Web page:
Diet trends come and go. At one time, low-fat diets were the rage. Then low-carb diets made their debut and became the diet of choice for losing weight. After paleo came on the scene, people began taking a caveman’s approach to choosing what to eat and no one can deny that gluten-free is growing in popularity. Dietary approaches come and go, but what about the bigger picture? How has the American diet evolved over the last 40 years? Are we eating healthier – or not? A recent study released called the National Health and Nutrition Examination Surveys or NHANES identified a number of interesting ways dietary habits have changed since the 1970s – not all of them for the better. Here are some of the findings.
American Diet: Snacks Are Replacing Meals
We’re becoming a nation of snackers. In the early 1970s, most people sat down to a meal 3 times a day and there was a lot less snacking going on between meals. The average number of times Americans ate in the 1970s was 3.9 times daily, but by 2010, people were eating an average of 5.6 times daily. The majority of Americans now snack 3 or more times a day and are using snacks as a substitute for meals – and the younger generation is taking notice. Kids growing up these days are used to the concept of snacking and will likely grow up to be adult snackers, ensuring this trend will be around for a while. With both mom and dad working these days, there’s less time to prepare full meals and snacking has become a way of life. Some experts believe the obesity epidemic can partially be blamed on the fact that people are eating too often.
American Diet: People Are Making the Wrong Snack Choices
How many people snack on healthier fare like fruits and vegetables? Not as many as you think. Most people are getting their snacks from a fast food restaurant or a vending machine. While it’s possible to make your own healthy snacks, how many people are taking the time to do it? Judging by another trend – the rise in pizza consumption – there’s not enough focus on making healthy choices. Not that a pizza with a thin, whole-wheat crust loaded with veggies can’t be part of a healthy diet, but most people are getting their pizza from pizza vendors that focus on volume rather than fresh, healthy ingredients. People aren’t making low-calorie snack choices either based on the fact that energy consumption has been increasing over the last few decades.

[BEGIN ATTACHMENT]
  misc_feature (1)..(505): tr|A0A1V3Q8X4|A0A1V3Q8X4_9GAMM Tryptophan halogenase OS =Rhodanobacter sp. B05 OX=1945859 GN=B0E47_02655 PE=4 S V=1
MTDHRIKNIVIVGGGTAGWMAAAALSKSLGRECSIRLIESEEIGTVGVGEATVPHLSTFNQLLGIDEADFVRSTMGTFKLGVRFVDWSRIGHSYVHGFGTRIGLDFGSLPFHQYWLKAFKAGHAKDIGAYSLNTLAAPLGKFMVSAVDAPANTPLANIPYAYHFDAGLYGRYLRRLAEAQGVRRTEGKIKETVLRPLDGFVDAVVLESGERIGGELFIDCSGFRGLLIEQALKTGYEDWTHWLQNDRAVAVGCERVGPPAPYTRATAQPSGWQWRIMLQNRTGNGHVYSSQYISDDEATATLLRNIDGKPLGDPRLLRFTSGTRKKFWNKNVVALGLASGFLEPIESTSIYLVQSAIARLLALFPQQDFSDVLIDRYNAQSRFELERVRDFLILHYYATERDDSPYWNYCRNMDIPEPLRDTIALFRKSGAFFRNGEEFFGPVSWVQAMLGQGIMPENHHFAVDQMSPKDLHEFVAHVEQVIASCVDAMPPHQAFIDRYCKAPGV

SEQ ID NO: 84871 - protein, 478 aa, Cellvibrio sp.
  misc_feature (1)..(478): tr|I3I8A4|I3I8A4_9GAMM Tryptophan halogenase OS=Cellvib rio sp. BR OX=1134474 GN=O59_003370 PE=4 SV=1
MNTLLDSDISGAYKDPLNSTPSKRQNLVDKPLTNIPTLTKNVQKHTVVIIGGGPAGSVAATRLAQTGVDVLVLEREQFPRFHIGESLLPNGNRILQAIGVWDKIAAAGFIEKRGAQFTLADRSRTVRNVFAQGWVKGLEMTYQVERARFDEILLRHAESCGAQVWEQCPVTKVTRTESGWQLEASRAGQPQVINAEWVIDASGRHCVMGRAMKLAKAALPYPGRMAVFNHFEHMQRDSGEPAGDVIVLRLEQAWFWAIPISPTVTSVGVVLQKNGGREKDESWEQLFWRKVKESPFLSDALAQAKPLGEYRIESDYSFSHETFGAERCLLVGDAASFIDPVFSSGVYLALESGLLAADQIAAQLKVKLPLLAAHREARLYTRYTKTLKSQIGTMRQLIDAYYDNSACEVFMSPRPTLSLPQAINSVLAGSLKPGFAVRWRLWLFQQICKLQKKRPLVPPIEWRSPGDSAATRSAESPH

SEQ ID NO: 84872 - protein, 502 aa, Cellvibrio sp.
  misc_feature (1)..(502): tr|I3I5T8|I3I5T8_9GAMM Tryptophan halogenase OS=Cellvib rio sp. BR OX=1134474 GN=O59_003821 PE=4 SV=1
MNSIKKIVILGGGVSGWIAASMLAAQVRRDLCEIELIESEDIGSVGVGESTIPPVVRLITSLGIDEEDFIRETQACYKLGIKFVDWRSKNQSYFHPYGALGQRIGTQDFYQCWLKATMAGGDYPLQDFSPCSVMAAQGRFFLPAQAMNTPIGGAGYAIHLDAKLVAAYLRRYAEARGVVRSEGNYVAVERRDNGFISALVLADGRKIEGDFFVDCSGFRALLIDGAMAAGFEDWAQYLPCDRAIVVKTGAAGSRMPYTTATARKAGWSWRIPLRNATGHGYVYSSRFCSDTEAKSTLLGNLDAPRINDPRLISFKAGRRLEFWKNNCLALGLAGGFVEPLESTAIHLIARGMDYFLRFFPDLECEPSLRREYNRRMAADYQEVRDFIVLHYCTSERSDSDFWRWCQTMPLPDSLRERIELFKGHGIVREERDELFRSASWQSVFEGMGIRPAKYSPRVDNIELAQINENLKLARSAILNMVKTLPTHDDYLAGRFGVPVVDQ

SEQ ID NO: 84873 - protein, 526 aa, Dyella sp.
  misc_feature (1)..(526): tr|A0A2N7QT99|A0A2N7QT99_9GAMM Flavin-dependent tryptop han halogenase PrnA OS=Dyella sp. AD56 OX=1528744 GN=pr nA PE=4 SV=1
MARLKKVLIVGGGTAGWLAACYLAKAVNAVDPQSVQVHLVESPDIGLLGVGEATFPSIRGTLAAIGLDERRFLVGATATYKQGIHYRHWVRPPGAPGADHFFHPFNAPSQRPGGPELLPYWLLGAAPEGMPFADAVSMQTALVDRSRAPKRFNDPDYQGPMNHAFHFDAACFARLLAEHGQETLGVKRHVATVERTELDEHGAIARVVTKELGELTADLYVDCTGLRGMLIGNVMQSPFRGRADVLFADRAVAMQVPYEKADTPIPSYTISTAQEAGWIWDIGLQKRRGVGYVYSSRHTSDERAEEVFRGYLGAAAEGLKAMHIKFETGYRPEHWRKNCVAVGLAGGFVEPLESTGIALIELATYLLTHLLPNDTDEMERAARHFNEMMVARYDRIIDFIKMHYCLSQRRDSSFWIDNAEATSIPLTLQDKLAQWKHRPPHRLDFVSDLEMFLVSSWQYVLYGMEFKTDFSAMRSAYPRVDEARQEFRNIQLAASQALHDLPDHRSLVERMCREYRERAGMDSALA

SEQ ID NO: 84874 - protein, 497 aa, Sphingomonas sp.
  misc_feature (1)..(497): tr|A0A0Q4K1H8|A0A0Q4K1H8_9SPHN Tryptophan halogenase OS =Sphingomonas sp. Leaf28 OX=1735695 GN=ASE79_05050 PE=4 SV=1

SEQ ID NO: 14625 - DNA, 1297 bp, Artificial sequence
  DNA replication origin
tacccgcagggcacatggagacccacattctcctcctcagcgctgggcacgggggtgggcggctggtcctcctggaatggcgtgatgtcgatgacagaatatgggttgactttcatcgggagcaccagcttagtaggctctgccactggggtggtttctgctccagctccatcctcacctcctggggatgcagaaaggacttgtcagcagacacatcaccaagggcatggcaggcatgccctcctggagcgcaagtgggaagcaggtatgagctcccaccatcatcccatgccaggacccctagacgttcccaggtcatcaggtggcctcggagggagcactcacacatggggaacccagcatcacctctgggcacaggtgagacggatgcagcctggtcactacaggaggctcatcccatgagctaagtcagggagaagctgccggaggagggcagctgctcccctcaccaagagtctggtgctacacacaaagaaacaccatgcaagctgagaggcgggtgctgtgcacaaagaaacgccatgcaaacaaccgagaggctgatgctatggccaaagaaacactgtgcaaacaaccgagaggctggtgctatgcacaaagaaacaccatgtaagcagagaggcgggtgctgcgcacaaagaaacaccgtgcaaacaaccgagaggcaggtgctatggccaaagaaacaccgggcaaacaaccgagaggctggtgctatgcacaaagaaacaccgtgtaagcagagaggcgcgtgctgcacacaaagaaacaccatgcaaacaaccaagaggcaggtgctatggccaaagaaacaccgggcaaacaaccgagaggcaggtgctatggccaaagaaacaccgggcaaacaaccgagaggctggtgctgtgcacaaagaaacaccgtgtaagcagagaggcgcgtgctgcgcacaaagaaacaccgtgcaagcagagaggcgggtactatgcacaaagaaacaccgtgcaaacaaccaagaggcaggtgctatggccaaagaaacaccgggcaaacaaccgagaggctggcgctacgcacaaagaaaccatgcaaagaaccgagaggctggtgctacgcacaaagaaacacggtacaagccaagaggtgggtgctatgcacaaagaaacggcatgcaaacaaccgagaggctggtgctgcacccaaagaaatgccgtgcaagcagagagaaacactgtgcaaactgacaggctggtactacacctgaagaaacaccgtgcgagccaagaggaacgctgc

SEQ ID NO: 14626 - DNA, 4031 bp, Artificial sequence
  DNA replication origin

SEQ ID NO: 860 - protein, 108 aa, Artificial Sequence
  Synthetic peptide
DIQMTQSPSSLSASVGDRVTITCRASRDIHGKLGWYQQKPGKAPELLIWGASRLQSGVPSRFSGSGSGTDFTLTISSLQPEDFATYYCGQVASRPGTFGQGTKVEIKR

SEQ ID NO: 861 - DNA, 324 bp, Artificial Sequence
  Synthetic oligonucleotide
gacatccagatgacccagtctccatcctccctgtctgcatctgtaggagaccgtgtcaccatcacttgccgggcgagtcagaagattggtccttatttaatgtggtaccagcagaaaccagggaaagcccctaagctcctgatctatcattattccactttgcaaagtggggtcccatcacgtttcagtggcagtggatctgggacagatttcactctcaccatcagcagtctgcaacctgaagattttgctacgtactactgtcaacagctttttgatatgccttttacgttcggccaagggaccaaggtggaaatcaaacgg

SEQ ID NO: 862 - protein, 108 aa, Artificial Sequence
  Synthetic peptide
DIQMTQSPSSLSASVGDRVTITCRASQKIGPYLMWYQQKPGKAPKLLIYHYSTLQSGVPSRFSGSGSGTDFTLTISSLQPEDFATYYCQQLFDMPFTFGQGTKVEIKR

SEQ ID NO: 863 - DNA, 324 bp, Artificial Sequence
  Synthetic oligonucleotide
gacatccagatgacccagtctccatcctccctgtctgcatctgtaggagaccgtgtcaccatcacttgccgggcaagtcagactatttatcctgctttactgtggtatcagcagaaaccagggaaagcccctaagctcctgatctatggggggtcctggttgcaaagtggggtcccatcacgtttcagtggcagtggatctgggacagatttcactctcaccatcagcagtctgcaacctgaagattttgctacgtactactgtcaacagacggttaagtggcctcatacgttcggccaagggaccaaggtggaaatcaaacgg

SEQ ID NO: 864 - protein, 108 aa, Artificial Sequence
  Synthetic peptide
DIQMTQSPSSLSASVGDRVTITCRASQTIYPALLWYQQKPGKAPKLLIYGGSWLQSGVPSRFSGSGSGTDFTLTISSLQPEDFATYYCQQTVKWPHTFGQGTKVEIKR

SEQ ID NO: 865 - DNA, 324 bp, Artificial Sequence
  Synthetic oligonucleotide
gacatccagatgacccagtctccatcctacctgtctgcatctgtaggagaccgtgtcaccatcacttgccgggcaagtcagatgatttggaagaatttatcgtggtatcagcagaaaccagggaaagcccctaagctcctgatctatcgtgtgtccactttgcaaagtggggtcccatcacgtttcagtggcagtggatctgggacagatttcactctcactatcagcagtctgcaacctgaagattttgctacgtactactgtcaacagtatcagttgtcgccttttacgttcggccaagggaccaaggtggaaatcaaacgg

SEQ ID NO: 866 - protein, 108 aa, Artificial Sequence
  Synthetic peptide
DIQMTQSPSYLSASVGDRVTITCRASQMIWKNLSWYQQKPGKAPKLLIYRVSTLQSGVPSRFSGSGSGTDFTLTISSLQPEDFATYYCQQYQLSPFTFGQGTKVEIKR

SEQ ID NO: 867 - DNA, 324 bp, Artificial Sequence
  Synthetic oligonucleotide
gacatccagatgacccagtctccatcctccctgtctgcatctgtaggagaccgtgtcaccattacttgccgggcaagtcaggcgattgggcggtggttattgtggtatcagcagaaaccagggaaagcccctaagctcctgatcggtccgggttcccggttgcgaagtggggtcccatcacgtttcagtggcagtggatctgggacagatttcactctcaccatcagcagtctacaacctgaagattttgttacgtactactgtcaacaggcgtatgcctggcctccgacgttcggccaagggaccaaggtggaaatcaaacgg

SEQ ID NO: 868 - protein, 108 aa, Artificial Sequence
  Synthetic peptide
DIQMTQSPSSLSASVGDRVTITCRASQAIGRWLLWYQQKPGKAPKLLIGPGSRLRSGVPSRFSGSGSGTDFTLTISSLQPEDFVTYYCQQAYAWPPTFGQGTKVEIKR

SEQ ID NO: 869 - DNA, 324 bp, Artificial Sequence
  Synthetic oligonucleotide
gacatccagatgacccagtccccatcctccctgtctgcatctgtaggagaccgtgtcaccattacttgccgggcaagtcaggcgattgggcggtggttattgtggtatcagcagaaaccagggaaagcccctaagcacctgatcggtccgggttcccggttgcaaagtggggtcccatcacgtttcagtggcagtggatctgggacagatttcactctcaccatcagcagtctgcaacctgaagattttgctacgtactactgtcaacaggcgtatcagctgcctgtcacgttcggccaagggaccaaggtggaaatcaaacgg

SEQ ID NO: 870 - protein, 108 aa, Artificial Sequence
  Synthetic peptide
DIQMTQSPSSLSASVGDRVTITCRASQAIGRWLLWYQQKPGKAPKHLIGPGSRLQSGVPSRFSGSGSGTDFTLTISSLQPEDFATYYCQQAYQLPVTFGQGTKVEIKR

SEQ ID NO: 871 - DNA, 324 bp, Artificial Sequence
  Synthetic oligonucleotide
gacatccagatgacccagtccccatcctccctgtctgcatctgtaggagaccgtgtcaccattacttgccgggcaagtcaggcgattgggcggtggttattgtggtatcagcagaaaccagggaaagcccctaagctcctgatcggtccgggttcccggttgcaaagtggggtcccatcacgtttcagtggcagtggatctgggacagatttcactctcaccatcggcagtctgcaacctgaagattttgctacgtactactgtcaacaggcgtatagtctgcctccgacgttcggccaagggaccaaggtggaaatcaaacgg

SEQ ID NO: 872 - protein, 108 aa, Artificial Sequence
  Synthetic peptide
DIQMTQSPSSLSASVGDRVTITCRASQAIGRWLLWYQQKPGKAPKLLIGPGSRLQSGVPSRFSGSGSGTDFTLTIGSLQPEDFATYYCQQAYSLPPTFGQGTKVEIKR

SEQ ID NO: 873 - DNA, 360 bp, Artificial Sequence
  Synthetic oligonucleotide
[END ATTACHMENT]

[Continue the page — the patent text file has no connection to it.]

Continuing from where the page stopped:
American Diet: Vegetable Consumption Has Dropped
Despite the importance of getting 5 to 7 servings of fruits and vegetables a day, vegetable consumption has dropped over the past 30 years from 2.6 servings a day in the 1970s to 1.9 servings by 2008. If that’s not bad enough, the picture may be even bleaker. The survey includes French fries as a vegetable and potatoes are the “veggie” Americans choose most often. Disturbingly, one out of four Americans eat NO veggies on an average day. On the upside, fruit consumption hasn’t dropped over the past few decades, possibly because fruit is easy to carry around making it convenient to snack on.
American Diet: Breakfast Isn’t the Meal Most Commonly Skipped
You might think breakfast would be the meal people skip most often. Not according to the latest survey. Lunch is actually the meal people are most likely to skip. Twenty-percent of people don’t eat lunch compared to 15% who skip breakfast. At least word is getting out that breakfast is the most important meal of the day. But with all the snacking going on, most people make up for the lunches they miss with high-calorie snacks. This isn’t a good trend when it comes to controlling body fat. People who skip meals tend to snack more and make less healthy snack choices than those who eat three times a day.
What Does This Mean?
Despite the emphasis on eating more fruits and vegetables and replacing white flour with whole wheat in the American diet, not everyone is jumping on board. On the plus side, a growing segment of the population wants to know what’s in their food and where it comes from. That’s why natural food markets and local Farmer’s markets are gaining popularity. There’s also a growing interest in vegetarian and vegan diets. Although only 3.2% of Americans follow a vegetarian diet – about 10% say they follow a diet centered mostly around plant foods. Hopefully, some of these trends will continue to gain ground and people will at least choose healthier snacks.
FoodNavigator-USA.com. “The American Diet: One Continuous Snack? And Why More People Skip Lunch Than Breakfast”
USDA Economic Research Service. “Diet Quality and Nutrition”
Vegetarian Times. “Vegetarianism in America”